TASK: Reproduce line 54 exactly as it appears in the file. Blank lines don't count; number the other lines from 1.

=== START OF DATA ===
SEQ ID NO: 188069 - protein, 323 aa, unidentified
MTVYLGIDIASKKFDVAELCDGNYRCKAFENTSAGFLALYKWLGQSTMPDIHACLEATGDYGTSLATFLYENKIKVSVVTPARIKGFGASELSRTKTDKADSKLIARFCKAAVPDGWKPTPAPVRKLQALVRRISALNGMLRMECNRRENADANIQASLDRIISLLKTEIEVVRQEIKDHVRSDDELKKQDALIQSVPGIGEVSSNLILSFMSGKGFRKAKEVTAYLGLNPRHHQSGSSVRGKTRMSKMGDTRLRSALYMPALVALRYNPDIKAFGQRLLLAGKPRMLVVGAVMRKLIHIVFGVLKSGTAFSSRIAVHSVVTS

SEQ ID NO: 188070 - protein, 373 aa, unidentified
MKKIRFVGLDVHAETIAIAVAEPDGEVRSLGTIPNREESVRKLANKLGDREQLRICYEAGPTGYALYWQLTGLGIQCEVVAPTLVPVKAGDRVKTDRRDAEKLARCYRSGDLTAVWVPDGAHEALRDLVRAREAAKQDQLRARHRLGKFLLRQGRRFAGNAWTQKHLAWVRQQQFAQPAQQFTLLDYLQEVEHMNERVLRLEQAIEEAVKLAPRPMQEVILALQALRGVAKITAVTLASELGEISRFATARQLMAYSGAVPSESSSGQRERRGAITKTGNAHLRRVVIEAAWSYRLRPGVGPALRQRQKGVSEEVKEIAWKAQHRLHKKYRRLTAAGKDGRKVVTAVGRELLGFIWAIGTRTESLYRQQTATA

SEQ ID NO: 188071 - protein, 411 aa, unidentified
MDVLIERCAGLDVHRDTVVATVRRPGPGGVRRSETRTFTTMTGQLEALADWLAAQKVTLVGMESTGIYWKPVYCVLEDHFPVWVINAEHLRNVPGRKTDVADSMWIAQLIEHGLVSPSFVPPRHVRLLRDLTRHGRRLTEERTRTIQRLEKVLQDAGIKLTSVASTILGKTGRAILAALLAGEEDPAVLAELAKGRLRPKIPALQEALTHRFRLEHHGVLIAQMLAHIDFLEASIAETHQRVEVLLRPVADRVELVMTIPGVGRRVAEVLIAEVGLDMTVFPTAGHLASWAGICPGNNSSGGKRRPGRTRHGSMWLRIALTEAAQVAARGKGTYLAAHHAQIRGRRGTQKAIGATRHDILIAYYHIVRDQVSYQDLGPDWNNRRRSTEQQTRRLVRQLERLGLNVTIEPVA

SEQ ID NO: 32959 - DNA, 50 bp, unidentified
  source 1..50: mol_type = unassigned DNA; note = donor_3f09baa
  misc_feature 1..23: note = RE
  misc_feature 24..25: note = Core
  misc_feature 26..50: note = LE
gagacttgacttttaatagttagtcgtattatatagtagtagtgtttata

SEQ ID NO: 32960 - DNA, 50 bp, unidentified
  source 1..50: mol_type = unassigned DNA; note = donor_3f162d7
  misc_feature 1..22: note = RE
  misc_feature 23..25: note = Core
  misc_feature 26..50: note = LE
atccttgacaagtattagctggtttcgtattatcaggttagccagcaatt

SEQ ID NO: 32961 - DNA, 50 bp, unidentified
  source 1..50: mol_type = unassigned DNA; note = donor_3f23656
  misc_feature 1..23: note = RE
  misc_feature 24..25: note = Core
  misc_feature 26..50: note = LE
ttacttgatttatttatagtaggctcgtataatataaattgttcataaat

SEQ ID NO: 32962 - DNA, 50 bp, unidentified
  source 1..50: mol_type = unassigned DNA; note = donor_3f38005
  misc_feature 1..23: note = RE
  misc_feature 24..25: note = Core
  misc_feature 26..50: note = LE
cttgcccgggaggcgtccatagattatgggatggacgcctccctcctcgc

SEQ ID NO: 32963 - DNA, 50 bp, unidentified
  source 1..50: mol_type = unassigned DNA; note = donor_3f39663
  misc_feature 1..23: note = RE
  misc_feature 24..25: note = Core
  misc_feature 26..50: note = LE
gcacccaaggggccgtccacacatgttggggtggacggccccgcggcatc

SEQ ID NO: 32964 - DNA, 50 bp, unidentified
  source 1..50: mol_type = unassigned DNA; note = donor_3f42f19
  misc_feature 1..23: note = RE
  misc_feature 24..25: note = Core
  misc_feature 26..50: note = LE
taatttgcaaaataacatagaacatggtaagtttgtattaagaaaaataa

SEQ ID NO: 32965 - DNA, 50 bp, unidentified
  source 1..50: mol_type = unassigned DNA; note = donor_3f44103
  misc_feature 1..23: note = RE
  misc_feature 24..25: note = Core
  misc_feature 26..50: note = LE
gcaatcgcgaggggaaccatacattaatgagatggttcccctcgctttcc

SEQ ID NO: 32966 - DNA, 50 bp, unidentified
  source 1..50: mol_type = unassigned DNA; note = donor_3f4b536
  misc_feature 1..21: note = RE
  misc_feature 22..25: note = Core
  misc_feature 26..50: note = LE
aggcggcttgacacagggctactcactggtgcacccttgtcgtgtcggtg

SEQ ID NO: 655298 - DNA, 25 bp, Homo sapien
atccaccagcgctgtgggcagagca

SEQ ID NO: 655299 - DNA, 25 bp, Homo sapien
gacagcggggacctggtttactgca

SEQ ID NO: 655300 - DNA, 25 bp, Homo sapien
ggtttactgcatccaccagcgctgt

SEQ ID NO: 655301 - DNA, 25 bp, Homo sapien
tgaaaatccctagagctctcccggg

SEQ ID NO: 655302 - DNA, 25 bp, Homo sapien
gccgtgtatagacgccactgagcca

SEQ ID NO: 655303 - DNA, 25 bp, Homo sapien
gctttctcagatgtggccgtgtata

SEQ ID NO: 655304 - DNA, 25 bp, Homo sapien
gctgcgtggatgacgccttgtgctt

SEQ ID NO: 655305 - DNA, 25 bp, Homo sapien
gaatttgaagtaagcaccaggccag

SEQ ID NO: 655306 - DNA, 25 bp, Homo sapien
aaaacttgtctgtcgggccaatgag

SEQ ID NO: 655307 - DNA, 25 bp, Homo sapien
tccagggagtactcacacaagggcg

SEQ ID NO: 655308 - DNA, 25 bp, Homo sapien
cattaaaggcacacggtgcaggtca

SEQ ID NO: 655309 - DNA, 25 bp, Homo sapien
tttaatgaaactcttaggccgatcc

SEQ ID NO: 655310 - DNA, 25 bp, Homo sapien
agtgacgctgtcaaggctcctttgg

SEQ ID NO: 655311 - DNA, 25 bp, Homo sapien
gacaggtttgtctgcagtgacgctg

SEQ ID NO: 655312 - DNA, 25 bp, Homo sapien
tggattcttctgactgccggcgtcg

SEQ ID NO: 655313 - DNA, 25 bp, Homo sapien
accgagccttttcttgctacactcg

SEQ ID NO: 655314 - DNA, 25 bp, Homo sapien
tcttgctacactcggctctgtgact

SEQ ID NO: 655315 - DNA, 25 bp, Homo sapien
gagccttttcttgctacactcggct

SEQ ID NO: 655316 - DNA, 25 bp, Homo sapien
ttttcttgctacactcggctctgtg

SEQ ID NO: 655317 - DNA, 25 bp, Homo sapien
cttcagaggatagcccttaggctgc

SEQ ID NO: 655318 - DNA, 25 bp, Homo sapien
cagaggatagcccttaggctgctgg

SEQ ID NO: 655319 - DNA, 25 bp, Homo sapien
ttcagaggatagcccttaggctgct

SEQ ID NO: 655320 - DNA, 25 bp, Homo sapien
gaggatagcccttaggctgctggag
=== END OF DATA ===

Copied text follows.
aggcggcttgacacagggctactcactggtgcacccttgtcgtgtcggtg